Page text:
No-deal Brexit looks like­lier as May steps down

Her re­place­ment could see crash­ing out of E.U. as only means to de­liver

The Washington Post - - FRONT PAGE - BY GRIFF WITTE AND MICHAEL BIRNBAUM

ber­lin — On one side of the English Chan­nel, sup­port­ers see it as the great­est peace project the world has ever known.

But seen from that sceptered isle drift­ing scarcely 20 miles out at sea, the Euro­pean Union looks more like a po­lit­i­cal as­sas­sin, one with a par­tic­u­larly ra­pa­cious ap­petite for Bri­tish prime min­is­ters.

The E.U. claimed its fourth vic­tim in the past three decades on Fri­day, as a choked-up Theresa May an­nounced that, hav­ing failed to get Bri­tain out of the bloc, she would re­sign as leader of the Con­ser­va­tive Party on June 7 and make way for a new Con­ser­va­tive prime minister this sum­mer. Three of her pre­de­ces­sors have also been evicted from Down­ing Street while try­ing to crack the code of Europe.

Now, a grow­ing list of Con­ser­va­tive politi­cians are jock­ey­ing to re­place her. Each has promised to end the im­passe that has left Bri­tain stuck in the nether re­gion be­tween E.U. mem­ber­ship and life on the out­side. But if May’s suc­ces­sor is to avoid the same fate, an­a­lysts say, he or she may have lit­tle choice but to steer Bri­tain to­ward what was once seen as a re­mote pos­si­bil­ity but is in­creas­ingly viewed as a live prospect: a chaotic de­par­ture from the E.U. with no agree­ment on what comes next.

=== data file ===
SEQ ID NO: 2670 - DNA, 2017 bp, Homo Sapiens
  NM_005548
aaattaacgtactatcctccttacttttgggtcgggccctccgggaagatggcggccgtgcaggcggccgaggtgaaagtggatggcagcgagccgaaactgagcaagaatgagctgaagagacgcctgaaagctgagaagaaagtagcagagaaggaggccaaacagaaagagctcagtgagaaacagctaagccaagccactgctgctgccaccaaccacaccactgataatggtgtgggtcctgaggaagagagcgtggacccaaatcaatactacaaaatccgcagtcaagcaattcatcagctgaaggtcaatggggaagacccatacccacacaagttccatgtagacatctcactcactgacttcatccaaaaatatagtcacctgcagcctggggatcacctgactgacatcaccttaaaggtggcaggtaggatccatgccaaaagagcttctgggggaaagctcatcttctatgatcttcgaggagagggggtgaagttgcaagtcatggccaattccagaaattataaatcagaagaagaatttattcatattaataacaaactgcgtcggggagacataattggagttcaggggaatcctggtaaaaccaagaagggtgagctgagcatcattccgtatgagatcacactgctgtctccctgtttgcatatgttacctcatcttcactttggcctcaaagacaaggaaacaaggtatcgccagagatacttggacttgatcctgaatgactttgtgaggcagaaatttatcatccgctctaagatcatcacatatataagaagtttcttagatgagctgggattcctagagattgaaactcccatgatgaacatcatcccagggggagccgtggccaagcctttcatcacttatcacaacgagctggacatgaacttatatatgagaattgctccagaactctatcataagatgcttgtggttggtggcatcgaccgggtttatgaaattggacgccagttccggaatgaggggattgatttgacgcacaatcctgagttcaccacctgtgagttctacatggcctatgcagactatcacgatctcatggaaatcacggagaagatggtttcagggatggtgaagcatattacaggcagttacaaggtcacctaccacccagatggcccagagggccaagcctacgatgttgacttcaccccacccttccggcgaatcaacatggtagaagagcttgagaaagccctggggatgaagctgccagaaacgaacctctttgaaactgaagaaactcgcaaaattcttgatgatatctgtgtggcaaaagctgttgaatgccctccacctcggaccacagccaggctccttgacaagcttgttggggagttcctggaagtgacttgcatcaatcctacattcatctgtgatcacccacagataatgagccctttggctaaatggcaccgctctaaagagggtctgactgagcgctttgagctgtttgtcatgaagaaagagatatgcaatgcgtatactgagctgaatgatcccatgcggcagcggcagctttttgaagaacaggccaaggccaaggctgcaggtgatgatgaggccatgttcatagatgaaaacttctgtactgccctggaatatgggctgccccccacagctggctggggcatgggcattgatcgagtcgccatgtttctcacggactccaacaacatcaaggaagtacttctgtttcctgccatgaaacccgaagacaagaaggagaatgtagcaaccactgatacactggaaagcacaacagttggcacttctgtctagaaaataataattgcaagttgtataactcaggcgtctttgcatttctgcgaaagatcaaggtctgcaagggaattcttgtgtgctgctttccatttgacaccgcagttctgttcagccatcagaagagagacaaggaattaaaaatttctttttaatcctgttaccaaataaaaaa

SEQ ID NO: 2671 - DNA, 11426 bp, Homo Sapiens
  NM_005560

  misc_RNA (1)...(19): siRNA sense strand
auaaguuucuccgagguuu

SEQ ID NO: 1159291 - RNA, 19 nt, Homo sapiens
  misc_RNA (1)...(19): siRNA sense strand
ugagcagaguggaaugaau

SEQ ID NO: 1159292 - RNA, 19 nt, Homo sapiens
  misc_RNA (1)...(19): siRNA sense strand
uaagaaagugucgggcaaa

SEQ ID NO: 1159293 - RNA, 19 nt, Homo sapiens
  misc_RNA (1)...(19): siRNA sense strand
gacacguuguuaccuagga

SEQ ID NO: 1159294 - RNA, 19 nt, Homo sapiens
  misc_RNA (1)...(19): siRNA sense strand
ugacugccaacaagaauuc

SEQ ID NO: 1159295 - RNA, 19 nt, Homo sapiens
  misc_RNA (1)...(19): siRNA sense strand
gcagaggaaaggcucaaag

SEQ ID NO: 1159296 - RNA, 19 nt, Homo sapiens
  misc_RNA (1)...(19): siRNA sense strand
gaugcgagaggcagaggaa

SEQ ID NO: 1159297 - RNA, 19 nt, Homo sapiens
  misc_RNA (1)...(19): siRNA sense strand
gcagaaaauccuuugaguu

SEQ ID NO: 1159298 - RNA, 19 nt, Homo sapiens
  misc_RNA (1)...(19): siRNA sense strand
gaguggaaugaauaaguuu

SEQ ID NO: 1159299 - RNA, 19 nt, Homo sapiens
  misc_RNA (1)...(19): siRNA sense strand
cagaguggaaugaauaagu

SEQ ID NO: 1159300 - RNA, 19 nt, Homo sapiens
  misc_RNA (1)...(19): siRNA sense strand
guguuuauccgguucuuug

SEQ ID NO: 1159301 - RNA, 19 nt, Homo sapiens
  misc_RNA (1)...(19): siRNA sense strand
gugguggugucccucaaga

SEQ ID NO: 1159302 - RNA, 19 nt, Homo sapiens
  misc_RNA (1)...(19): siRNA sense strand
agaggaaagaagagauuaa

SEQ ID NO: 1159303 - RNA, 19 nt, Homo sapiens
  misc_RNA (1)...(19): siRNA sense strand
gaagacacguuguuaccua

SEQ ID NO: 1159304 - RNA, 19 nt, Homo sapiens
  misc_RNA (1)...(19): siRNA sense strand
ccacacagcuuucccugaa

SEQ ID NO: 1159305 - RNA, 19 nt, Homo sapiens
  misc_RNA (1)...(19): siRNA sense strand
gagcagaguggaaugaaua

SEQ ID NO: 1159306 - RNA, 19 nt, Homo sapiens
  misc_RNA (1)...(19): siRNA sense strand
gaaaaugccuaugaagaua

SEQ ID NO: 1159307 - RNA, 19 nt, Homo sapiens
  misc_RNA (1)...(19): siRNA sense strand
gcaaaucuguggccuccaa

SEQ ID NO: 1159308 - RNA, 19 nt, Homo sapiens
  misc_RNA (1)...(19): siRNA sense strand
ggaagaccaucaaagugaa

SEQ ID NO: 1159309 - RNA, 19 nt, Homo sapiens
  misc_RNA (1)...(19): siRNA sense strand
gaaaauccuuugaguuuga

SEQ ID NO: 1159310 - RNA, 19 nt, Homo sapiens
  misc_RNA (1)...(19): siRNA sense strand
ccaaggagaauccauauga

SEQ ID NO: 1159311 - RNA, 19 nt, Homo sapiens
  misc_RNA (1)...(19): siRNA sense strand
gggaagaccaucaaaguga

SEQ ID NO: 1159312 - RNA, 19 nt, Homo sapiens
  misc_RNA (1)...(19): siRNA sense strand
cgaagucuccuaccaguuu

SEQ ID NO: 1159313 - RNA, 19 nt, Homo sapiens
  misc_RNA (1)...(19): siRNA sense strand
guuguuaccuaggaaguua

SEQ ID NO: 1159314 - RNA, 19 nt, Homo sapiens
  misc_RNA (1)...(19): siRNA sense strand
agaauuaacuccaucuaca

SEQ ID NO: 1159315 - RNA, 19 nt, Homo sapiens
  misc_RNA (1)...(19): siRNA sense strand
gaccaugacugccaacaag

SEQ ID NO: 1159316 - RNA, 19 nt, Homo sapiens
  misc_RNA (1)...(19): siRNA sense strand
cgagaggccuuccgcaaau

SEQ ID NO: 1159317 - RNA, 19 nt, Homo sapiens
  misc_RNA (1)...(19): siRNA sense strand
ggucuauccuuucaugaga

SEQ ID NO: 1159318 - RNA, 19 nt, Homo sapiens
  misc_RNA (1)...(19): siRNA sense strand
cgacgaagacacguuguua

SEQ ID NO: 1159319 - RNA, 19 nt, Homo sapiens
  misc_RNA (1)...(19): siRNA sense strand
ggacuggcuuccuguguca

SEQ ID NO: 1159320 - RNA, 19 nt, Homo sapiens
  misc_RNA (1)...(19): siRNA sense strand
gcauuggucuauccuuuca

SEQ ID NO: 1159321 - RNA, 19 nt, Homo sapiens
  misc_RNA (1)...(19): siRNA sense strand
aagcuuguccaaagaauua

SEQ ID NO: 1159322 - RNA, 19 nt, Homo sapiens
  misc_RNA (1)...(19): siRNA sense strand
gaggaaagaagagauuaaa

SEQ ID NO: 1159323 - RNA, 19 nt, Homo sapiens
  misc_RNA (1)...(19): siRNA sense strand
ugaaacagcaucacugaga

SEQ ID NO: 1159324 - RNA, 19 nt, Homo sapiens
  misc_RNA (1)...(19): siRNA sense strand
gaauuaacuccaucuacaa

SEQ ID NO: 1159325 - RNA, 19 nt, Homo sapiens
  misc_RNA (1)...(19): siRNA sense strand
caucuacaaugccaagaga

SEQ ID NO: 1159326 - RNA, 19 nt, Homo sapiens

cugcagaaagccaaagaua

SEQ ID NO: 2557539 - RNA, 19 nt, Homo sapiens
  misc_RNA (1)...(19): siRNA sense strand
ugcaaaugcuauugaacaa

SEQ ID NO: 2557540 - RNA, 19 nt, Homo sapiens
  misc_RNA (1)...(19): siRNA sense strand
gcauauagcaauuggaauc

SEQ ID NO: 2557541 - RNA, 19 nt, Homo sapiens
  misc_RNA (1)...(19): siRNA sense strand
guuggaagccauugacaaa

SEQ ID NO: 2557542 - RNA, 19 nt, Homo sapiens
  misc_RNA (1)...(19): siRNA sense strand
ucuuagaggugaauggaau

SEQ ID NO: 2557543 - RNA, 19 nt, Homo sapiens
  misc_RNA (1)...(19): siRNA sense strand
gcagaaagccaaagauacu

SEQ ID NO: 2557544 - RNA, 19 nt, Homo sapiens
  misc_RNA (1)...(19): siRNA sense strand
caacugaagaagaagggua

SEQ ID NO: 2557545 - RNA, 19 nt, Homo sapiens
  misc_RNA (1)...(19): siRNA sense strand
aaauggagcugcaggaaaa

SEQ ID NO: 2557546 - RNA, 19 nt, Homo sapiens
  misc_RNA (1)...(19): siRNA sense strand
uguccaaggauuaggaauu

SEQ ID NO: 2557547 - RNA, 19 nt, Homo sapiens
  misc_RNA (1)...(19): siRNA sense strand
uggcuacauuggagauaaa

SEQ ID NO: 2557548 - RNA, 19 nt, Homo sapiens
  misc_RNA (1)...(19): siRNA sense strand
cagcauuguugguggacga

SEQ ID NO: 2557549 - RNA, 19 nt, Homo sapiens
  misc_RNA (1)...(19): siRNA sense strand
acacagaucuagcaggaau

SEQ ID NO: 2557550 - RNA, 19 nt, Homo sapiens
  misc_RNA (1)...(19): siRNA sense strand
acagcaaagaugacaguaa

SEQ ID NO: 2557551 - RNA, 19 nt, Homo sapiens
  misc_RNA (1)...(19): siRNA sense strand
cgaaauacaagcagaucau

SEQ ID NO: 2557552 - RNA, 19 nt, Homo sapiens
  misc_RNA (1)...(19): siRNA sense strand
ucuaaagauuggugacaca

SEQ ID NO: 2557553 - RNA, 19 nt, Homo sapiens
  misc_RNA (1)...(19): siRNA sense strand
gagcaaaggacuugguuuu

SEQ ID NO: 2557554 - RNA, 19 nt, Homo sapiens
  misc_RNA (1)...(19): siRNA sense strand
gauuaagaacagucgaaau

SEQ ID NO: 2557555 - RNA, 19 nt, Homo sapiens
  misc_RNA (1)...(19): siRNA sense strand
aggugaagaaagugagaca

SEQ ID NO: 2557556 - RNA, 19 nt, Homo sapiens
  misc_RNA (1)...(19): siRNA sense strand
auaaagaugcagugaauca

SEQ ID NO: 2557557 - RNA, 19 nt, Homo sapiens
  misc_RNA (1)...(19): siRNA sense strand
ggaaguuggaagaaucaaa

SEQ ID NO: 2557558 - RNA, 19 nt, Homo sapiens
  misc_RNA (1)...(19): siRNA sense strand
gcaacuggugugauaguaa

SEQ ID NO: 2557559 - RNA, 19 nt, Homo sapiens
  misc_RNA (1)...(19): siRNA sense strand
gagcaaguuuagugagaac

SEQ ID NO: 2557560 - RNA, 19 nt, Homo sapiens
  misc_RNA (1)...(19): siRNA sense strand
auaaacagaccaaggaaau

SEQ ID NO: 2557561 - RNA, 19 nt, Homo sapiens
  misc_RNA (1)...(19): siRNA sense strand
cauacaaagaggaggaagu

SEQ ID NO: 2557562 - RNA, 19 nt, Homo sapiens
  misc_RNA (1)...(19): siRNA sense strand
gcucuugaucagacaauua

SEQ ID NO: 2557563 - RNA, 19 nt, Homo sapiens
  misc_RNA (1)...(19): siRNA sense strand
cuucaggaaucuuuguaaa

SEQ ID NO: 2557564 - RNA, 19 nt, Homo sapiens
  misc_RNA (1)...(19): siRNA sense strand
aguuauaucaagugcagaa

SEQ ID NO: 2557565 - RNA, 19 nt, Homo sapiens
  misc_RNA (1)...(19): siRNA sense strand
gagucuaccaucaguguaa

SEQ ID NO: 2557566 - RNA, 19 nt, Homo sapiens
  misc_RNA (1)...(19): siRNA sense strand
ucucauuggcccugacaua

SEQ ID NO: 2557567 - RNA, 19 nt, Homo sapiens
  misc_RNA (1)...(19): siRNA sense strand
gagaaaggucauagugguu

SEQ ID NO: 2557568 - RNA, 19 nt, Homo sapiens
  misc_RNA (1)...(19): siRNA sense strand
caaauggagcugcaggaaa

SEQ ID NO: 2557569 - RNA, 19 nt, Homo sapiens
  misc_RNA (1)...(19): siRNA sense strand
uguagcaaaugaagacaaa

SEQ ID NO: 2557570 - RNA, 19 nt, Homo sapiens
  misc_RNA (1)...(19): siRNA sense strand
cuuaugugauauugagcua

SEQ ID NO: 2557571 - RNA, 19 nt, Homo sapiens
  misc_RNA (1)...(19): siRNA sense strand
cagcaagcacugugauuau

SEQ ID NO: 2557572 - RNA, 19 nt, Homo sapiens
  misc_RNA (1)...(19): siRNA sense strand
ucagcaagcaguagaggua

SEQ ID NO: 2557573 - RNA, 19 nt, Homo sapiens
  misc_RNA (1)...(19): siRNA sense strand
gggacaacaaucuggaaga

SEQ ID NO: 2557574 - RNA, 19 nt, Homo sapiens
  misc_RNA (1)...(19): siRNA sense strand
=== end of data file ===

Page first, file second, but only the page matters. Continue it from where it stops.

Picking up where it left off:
“A no-deal Brexit has be­come sig­nif­i­cantly more likely,” said Steven Field­ing, a pol­i­tics pro­fes­sor at the Univer­sity of Not­ting­ham. “Who­ever fol­lows May will be faced with an ex­is­ten­tial threat. They’ll think, ‘If I don’t de­liver Brexit, I’m fin­ished.’ ”

If Bri­tain does jump into the post-E.U. world with­out a net, the im­pact would shake Bri­tain’s economy — with rip­ples, and per­haps waves, far be­yond its shores.

And yet sev­eral of May’s wouldbe suc­ces­sors have al­ready ar­gued

fa­vor of that op­tion, rea­son­ing that Bri­tain’s jour­ney to free­dom from the shack­les of the E.U. be­gins with a de­par­ture on its own terms, rather than a com­pro­mise.